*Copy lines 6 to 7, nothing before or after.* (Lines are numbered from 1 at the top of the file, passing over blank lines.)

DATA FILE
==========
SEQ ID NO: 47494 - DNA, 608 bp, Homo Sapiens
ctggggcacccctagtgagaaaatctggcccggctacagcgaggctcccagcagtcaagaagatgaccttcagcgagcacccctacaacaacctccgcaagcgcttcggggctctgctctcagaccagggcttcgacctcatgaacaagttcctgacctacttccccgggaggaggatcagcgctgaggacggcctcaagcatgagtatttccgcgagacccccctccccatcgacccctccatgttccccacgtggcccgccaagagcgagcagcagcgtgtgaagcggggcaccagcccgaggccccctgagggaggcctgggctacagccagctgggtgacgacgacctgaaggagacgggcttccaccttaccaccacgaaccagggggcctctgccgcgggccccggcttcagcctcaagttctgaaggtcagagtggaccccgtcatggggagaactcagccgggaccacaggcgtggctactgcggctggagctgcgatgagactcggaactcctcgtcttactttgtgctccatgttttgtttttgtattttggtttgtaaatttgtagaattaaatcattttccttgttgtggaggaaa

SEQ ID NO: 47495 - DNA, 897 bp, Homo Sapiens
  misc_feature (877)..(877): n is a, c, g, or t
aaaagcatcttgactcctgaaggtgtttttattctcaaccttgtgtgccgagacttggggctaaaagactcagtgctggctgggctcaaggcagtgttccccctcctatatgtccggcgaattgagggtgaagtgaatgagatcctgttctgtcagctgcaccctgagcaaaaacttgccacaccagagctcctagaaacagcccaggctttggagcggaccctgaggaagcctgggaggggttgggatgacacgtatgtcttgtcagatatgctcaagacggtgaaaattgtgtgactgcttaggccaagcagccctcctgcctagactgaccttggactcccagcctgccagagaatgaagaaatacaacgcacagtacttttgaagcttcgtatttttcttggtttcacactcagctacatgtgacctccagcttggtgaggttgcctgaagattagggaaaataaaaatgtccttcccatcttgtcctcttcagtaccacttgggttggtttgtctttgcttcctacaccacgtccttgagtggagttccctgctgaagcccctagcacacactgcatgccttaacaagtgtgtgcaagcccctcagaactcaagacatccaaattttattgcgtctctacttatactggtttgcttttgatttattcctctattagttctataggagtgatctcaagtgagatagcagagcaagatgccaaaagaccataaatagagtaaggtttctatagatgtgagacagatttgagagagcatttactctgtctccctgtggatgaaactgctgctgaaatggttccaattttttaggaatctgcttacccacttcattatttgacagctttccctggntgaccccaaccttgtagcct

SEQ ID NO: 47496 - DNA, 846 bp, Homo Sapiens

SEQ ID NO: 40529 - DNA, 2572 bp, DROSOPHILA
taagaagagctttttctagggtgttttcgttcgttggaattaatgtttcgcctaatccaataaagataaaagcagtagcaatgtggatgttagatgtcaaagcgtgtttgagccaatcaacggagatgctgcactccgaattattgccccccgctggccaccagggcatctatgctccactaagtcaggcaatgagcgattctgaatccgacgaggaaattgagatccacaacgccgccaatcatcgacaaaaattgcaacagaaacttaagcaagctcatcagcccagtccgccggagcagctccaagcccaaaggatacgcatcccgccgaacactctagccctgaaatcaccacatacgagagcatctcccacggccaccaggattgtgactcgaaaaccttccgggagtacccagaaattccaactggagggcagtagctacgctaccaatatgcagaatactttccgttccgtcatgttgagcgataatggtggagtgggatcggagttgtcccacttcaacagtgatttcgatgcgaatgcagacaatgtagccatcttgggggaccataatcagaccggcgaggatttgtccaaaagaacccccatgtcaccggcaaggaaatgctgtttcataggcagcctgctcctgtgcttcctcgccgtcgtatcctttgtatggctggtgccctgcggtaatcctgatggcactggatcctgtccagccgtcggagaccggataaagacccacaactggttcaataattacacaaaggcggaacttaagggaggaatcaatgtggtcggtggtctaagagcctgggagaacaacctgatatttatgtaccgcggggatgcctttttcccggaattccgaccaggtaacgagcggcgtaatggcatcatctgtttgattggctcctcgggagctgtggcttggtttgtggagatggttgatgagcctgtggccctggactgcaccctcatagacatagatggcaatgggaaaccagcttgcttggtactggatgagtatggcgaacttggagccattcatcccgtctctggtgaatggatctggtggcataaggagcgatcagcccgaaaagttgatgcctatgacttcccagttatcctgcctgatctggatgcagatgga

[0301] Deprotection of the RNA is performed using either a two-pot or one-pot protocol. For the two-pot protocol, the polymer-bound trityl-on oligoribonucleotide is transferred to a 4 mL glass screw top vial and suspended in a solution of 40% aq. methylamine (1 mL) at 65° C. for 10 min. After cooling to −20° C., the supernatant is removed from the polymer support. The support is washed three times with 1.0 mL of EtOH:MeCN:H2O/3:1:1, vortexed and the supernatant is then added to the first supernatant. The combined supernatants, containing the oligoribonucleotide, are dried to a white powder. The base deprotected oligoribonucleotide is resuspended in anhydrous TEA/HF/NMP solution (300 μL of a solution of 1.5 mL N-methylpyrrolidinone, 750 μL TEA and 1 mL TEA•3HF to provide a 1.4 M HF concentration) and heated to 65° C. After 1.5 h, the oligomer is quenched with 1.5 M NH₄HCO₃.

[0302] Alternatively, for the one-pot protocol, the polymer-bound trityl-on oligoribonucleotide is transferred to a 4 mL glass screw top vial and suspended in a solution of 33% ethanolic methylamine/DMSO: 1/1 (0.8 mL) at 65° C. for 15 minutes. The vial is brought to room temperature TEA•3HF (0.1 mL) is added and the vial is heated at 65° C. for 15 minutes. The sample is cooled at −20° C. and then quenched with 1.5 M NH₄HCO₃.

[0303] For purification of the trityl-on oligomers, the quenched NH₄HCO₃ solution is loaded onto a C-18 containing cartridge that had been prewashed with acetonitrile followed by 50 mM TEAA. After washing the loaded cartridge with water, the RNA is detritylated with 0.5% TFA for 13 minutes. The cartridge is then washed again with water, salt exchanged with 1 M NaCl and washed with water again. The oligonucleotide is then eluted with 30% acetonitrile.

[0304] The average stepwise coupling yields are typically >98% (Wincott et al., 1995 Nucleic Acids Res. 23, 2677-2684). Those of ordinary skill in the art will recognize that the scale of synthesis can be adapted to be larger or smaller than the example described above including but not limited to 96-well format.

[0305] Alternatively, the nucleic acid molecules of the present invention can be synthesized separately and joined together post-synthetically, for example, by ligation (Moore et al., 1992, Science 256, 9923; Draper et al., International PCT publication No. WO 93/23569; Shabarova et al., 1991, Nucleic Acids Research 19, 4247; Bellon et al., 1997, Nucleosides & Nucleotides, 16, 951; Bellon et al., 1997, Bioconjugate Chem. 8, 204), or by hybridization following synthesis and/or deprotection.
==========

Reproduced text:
SEQ ID NO: 47496 - DNA, 846 bp, Homo Sapiens

SEQ ID NO: 40529 - DNA, 2572 bp, DROSOPHILA